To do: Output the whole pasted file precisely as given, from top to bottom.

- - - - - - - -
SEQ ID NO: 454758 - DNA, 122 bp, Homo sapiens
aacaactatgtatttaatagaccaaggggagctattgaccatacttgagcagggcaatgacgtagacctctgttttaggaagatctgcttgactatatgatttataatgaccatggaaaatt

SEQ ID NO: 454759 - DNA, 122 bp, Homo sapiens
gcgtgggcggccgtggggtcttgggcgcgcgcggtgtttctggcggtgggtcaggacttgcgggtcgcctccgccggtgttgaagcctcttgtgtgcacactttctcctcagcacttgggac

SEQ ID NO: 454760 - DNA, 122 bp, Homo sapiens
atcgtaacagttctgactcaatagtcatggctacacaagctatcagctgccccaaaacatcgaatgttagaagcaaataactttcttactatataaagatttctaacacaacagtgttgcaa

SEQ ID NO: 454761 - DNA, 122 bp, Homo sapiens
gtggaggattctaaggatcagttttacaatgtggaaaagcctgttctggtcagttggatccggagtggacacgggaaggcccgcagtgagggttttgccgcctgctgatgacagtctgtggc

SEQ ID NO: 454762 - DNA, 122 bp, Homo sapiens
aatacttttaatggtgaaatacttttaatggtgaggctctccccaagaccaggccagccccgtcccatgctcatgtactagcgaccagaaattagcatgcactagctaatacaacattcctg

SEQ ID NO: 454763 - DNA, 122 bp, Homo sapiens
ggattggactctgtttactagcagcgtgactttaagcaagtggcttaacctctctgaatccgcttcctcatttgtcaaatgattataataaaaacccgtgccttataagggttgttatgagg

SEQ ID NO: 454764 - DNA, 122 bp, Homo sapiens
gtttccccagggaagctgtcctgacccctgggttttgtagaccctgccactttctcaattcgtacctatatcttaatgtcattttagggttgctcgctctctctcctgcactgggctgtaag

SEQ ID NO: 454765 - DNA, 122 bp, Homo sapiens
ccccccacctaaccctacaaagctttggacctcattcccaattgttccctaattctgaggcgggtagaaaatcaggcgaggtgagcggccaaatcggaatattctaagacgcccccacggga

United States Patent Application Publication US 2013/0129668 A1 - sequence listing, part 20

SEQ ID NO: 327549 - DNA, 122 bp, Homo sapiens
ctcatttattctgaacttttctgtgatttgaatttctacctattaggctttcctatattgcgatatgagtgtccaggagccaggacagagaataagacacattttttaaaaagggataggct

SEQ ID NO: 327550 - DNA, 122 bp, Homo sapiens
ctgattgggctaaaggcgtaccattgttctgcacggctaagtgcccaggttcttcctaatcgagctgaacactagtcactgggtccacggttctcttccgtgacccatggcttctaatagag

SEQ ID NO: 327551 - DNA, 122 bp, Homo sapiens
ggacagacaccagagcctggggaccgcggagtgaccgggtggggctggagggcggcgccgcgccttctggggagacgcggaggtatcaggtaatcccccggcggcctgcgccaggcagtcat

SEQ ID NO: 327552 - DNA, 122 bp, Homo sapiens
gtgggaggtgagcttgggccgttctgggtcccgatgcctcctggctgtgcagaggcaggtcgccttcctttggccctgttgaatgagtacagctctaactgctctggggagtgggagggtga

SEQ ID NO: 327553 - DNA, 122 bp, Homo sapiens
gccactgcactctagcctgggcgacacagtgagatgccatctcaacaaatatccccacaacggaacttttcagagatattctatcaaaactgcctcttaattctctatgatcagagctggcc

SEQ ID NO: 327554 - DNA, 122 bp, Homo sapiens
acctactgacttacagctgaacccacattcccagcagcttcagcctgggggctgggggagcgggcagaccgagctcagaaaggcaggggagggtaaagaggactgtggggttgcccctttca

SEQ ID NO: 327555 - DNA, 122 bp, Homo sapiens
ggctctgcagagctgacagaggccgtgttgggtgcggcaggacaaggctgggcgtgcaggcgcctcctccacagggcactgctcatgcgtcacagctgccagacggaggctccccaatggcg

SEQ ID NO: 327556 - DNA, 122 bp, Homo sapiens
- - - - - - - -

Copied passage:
SEQ ID NO: 454758 - DNA, 122 bp, Homo sapiens
aacaactatgtatttaatagaccaaggggagctattgaccatacttgagcagggcaatgacgtagacctctgttttaggaagatctgcttgactatatgatttataatgaccatggaaaatt

SEQ ID NO: 454759 - DNA, 122 bp, Homo sapiens
gcgtgggcggccgtggggtcttgggcgcgcgcggtgtttctggcggtgggtcaggacttgcgggtcgcctccgccggtgttgaagcctcttgtgtgcacactttctcctcagcacttgggac

SEQ ID NO: 454760 - DNA, 122 bp, Homo sapiens
atcgtaacagttctgactcaatagtcatggctacacaagctatcagctgccccaaaacatcgaatgttagaagcaaataactttcttactatataaagatttctaacacaacagtgttgcaa

SEQ ID NO: 454761 - DNA, 122 bp, Homo sapiens
gtggaggattctaaggatcagttttacaatgtggaaaagcctgttctggtcagttggatccggagtggacacgggaaggcccgcagtgagggttttgccgcctgctgatgacagtctgtggc

SEQ ID NO: 454762 - DNA, 122 bp, Homo sapiens
aatacttttaatggtgaaatacttttaatggtgaggctctccccaagaccaggccagccccgtcccatgctcatgtactagcgaccagaaattagcatgcactagctaatacaacattcctg

SEQ ID NO: 454763 - DNA, 122 bp, Homo sapiens
ggattggactctgtttactagcagcgtgactttaagcaagtggcttaacctctctgaatccgcttcctcatttgtcaaatgattataataaaaacccgtgccttataagggttgttatgagg

SEQ ID NO: 454764 - DNA, 122 bp, Homo sapiens
gtttccccagggaagctgtcctgacccctgggttttgtagaccctgccactttctcaattcgtacctatatcttaatgtcattttagggttgctcgctctctctcctgcactgggctgtaag

SEQ ID NO: 454765 - DNA, 122 bp, Homo sapiens
ccccccacctaaccctacaaagctttggacctcattcccaattgttccctaattctgaggcgggtagaaaatcaggcgaggtgagcggccaaatcggaatattctaagacgcccccacggga

United States Patent Application Publication US 2013/0129668 A1 - sequence listing, part 20

SEQ ID NO: 327549 - DNA, 122 bp, Homo sapiens
ctcatttattctgaacttttctgtgatttgaatttctacctattaggctttcctatattgcgatatgagtgtccaggagccaggacagagaataagacacattttttaaaaagggataggct

SEQ ID NO: 327550 - DNA, 122 bp, Homo sapiens
ctgattgggctaaaggcgtaccattgttctgcacggctaagtgcccaggttcttcctaatcgagctgaacactagtcactgggtccacggttctcttccgtgacccatggcttctaatagag

SEQ ID NO: 327551 - DNA, 122 bp, Homo sapiens
ggacagacaccagagcctggggaccgcggagtgaccgggtggggctggagggcggcgccgcgccttctggggagacgcggaggtatcaggtaatcccccggcggcctgcgccaggcagtcat

SEQ ID NO: 327552 - DNA, 122 bp, Homo sapiens
gtgggaggtgagcttgggccgttctgggtcccgatgcctcctggctgtgcagaggcaggtcgccttcctttggccctgttgaatgagtacagctctaactgctctggggagtgggagggtga

SEQ ID NO: 327553 - DNA, 122 bp, Homo sapiens
gccactgcactctagcctgggcgacacagtgagatgccatctcaacaaatatccccacaacggaacttttcagagatattctatcaaaactgcctcttaattctctatgatcagagctggcc

SEQ ID NO: 327554 - DNA, 122 bp, Homo sapiens
acctactgacttacagctgaacccacattcccagcagcttcagcctgggggctgggggagcgggcagaccgagctcagaaaggcaggggagggtaaagaggactgtggggttgcccctttca

SEQ ID NO: 327555 - DNA, 122 bp, Homo sapiens
ggctctgcagagctgacagaggccgtgttgggtgcggcaggacaaggctgggcgtgcaggcgcctcctccacagggcactgctcatgcgtcacagctgccagacggaggctccccaatggcg

SEQ ID NO: 327556 - DNA, 122 bp, Homo sapiens